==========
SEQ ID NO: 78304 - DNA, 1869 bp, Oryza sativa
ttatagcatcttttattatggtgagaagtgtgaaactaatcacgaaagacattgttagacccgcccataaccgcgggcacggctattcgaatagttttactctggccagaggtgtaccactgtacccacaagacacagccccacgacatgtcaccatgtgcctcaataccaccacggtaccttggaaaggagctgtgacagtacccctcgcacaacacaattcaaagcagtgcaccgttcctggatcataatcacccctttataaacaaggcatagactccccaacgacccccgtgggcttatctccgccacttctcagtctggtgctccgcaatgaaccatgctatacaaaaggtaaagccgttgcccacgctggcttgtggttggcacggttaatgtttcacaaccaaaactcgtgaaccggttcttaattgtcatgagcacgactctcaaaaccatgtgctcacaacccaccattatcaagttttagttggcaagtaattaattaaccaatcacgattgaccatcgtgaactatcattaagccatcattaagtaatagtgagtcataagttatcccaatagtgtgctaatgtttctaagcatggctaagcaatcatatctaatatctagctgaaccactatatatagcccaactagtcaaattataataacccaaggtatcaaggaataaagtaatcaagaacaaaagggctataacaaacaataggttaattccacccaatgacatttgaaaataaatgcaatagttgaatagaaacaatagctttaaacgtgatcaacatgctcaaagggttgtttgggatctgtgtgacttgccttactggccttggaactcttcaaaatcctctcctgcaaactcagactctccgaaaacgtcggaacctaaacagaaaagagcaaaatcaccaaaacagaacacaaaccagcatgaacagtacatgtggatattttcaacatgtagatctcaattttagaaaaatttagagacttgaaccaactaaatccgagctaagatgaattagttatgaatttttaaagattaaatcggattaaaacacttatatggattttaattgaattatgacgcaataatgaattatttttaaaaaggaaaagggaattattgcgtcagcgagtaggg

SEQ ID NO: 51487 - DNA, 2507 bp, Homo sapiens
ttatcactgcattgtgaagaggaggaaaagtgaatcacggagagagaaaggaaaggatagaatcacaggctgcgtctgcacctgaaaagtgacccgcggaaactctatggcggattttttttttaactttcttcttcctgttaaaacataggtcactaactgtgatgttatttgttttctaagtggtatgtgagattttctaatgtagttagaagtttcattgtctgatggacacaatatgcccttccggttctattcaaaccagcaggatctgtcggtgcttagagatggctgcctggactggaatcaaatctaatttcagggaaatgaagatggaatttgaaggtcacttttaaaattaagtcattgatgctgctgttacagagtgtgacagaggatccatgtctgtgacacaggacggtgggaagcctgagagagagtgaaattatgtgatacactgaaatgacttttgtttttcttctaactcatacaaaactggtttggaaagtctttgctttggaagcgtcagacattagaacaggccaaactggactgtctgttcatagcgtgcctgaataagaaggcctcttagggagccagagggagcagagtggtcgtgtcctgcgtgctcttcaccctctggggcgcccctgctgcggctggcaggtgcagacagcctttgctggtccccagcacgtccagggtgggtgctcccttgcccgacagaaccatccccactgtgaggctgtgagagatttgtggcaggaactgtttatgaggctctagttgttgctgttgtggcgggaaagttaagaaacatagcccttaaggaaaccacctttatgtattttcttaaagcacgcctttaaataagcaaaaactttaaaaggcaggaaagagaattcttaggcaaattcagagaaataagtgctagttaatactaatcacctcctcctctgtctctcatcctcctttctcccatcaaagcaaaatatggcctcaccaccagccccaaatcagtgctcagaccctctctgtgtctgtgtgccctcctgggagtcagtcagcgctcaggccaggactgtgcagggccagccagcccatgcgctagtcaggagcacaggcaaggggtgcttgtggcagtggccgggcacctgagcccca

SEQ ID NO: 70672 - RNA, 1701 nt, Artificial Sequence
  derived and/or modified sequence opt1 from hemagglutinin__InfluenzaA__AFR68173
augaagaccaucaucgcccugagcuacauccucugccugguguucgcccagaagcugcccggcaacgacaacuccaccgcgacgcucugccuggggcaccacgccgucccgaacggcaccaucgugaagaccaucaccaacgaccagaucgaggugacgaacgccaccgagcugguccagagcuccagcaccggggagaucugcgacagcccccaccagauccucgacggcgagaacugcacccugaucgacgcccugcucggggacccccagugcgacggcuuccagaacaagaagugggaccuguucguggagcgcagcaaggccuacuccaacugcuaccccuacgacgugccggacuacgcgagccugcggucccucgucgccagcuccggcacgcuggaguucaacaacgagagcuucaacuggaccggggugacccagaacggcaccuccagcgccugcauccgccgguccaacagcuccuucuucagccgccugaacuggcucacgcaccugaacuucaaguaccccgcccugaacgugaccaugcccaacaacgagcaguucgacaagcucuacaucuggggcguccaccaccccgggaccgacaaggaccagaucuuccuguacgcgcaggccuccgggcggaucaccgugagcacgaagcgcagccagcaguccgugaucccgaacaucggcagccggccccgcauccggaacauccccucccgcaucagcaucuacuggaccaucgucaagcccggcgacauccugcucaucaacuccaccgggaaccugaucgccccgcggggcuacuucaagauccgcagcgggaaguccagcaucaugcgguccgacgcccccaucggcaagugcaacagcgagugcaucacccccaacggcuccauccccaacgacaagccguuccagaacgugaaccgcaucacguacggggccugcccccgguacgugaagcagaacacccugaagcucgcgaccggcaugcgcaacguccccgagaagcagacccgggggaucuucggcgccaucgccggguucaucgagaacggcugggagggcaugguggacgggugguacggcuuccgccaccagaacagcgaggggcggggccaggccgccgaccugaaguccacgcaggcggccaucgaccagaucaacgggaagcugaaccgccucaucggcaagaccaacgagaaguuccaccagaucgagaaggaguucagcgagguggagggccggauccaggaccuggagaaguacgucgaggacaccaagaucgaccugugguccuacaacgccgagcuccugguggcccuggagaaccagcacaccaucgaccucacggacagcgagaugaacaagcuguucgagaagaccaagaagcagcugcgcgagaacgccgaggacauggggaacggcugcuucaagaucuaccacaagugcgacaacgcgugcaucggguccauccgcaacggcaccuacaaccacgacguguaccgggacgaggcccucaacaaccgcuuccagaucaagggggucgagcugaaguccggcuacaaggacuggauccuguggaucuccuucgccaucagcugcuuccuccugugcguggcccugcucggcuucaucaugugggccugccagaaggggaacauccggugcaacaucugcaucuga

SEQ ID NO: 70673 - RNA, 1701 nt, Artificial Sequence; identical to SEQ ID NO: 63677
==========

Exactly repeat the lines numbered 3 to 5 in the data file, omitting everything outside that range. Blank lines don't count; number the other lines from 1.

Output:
SEQ ID NO: 51487 - DNA, 2507 bp, Homo sapiens
ttatcactgcattgtgaagaggaggaaaagtgaatcacggagagagaaaggaaaggatagaatcacaggctgcgtctgcacctgaaaagtgacccgcggaaactctatggcggattttttttttaactttcttcttcctgttaaaacataggtcactaactgtgatgttatttgttttctaagtggtatgtgagattttctaatgtagttagaagtttcattgtctgatggacacaatatgcccttccggttctattcaaaccagcaggatctgtcggtgcttagagatggctgcctggactggaatcaaatctaatttcagggaaatgaagatggaatttgaaggtcacttttaaaattaagtcattgatgctgctgttacagagtgtgacagaggatccatgtctgtgacacaggacggtgggaagcctgagagagagtgaaattatgtgatacactgaaatgacttttgtttttcttctaactcatacaaaactggtttggaaagtctttgctttggaagcgtcagacattagaacaggccaaactggactgtctgttcatagcgtgcctgaataagaaggcctcttagggagccagagggagcagagtggtcgtgtcctgcgtgctcttcaccctctggggcgcccctgctgcggctggcaggtgcagacagcctttgctggtccccagcacgtccagggtgggtgctcccttgcccgacagaaccatccccactgtgaggctgtgagagatttgtggcaggaactgtttatgaggctctagttgttgctgttgtggcgggaaagttaagaaacatagcccttaaggaaaccacctttatgtattttcttaaagcacgcctttaaataagcaaaaactttaaaaggcaggaaagagaattcttaggcaaattcagagaaataagtgctagttaatactaatcacctcctcctctgtctctcatcctcctttctcccatcaaagcaaaatatggcctcaccaccagccccaaatcagtgctcagaccctctctgtgtctgtgtgccctcctgggagtcagtcagcgctcaggccaggactgtgcagggccagccagcccatgcgctagtcaggagcacaggcaaggggtgcttgtggcagtggccgggcacctgagcccca

SEQ ID NO: 70672 - RNA, 1701 nt, Artificial Sequence